James Adams reflects on his research studying political hostility after 16 years of teaching at UC Davis
Professor James Adams, Ph.D., graduated from Princeton University with his bachelor’s in economics and went on to sell computers for Hewlett-Packard in the 1980s. After two years of working in the sales industry, he decided to change his trajectory and earned his doctorate in political science at the University of Michigan–Ann Arbor.
Having found his true calling in academia, Adams has taught political science at UC Davis for 16 years.
“You might almost say that I was raised to be a professor,” Adams said. “My father was a professor at UC Berkeley. My grandfather was a professor at UCLA. My great grandfather was a professor at Stanford. So, Adamses have been professors in California for close to 100 years now.”
Adams teaches undergraduate courses on the politics of France, Germany and Britain. He is also currently teaching graduate-level courses on political polarization, political representation in advanced industrial societies as well as political behavior in the same nations.
Adams recently published a book titled, “American Affective Polarization in Comparative Perspective,” in which he explores animosity and polarization between political parties in the U.S.
“We seem to see so much distrust and hostility across party lines,” Adams said. “And not just between the politicians—but between rank-and-file voters—where Democrats and Republicans seem to not just disagree with each other, but they practically seem to think the other side is just evil.”
The project was in part motivated by Adams looking back to a time before modern political friction, in the 1970s, when Democrats and Republicans were able to respectfully disagree with one another, according to Adams.
Adams said “you might not believe this” when explaining that people across party lines cooperated and often agreed on issues. Now the two dominant parties view the individuals within their opponents as morally corrupt.
“Both sides just have these terrible caricatures of the other side,” Adams said. “No matter what the other side does, each side thinks, ‘Well, whatever you are doing, you have bad motives.’”
His recent research found that income inequality contributes to political hostility across party lines. In terms of disagreement on policy, him and his coauthors found that so-called “cultural issues” such as gay marriage or immigration significantly gave rise to anger.
Adams said that opposing parties could fight about economics without impacting overall hostility toward one another.
“But these fights over race, immigration and the national way of life—which has really showed up in this country in the last four years—[…] seem to really make people angry,” Adams said.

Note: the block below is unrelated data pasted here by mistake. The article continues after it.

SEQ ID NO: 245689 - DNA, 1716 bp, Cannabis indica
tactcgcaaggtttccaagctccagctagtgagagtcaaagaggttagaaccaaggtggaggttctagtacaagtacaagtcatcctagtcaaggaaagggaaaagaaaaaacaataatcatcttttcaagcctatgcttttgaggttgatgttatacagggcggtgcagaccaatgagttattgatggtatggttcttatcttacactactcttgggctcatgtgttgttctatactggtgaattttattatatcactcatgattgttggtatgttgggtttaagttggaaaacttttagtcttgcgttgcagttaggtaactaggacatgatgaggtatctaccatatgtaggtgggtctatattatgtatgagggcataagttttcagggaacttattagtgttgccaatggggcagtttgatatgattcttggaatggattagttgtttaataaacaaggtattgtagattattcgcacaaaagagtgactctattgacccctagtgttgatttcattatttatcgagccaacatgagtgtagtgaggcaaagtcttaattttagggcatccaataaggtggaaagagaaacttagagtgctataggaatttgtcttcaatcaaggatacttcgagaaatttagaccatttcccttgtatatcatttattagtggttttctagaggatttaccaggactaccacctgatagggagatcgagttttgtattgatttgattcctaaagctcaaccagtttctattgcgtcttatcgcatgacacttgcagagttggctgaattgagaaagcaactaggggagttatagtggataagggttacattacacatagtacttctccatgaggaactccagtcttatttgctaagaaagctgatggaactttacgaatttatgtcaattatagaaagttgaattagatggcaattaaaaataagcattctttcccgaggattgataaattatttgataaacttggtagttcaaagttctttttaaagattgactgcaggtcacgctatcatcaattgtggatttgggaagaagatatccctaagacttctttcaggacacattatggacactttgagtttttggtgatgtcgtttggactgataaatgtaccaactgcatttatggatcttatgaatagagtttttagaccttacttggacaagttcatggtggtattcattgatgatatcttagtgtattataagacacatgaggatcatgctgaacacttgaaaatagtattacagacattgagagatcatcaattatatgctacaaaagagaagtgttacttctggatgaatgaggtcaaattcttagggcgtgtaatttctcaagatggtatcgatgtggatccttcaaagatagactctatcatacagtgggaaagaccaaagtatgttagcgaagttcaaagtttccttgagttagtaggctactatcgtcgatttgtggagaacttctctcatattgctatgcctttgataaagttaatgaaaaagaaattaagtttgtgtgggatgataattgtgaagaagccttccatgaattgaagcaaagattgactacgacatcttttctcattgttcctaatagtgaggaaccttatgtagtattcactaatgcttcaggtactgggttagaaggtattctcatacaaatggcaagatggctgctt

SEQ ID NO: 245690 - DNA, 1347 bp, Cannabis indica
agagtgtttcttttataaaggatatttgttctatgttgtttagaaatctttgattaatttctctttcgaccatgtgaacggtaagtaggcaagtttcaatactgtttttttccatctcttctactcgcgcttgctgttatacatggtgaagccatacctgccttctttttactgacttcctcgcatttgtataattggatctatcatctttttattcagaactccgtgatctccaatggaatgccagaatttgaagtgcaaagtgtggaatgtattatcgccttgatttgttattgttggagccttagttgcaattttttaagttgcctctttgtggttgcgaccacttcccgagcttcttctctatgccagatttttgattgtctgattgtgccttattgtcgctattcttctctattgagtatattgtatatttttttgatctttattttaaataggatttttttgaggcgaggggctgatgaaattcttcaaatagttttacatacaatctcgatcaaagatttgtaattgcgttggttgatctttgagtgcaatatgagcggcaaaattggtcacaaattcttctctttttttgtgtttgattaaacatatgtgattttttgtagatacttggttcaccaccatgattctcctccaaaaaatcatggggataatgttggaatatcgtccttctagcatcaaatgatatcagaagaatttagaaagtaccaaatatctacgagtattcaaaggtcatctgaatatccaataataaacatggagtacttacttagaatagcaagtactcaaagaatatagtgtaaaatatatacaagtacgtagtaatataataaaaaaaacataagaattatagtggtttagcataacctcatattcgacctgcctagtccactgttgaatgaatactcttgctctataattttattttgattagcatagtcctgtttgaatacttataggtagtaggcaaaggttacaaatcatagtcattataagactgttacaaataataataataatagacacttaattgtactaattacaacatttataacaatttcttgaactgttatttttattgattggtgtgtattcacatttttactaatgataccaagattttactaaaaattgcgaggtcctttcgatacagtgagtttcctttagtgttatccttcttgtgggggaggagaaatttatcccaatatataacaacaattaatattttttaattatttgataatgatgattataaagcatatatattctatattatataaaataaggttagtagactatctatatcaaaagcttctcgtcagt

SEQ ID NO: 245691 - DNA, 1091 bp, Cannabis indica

In February 2020, Adams was awarded the Distinguished Teaching Award for Graduate and Professional Teaching from the UC Davis Academic Senate.
Adams has also received awards for student mentorship, including the Outstanding Mentor Award from the Consortium for Women and Research from UC Davis. He credits his wife for reminding him that students may feel intimidated approaching professors with research proposals.
“[My wife] said sometimes [for] students, and particularly women students, it can be hard for them to walk into your office and look into your eyes and say, ‘Professor Adams, I would like to write a paper with you,’” Adams said. “I always try to emphasize to all of my graduate students, don’t be afraid and don’t be bashful to come to me and suggest a project or ask for help. I always try to emphasize that I will do everything I can to help you. I will never make you feel bad for asking.”
Professor Erik Engstrom serves as the chair of the political science department and has worked with Adams for 13 years. He said that Adams spends an enormous amount of time and effort in the success of students.
“[Adams] is just a very outgoing, exuberant person,” Engstrom said. “He’s very funny, which I think helps in the classroom, bringing students into the lectures.”
Timea Balogh, a second-year political science Ph.D. student, has taken graduate-level courses taught by Adams and served as his teaching assistant (TA) throughout the pandemic. She highlighted how humble and down-to-earth Adams is while showing an immense care for his students’ interests and wellbeing.
“Even with 120 students on Zoom, he still started each class making sure how people are hanging in there and how can he can make class better to accommodate the world that we’re living in,” Balogh said. “I would TA for him forever.”
“He’s the kind of person that, from the very first conversation with him, you know you only want good things for him: success, health and respect,” Balogh said.
Adams said that the best part of his job is interacting with students.
“Especially since I am in the later part of my career, when I tend to get tired more easily and get more worried about things, I always come away from being on campus, or even now when I do my Zoom lectures, feeling so good just from interacting with all of you,” Adams said.
Sara Kazemian is a fourth-year Ph.D. candidate studying political science, and Adams serves as the chair of her dissertation committee. His graduate-level course on polarization from a comparative lens inspired the topic of her dissertation.
“I think the thing that strikes me about Dr. Adams is that he’s equitable across the board and very approachable,” Kazemian said. “If you look at his undergraduate classes, his office hours are usually filled when normally students go to TAs.”
Adams said that if he hadn’t been a professor, the only other job he would excel at is baseball broadcasting. Adams’ colleagues and students called up his love for baseball in every conversation.
“He’s a massive San Francisco Giants fan,” Engstrom said. “When they won the world series, I’ve never seen him happier.”
Written by: Rebecca Gardner — firstname.lastname@example.org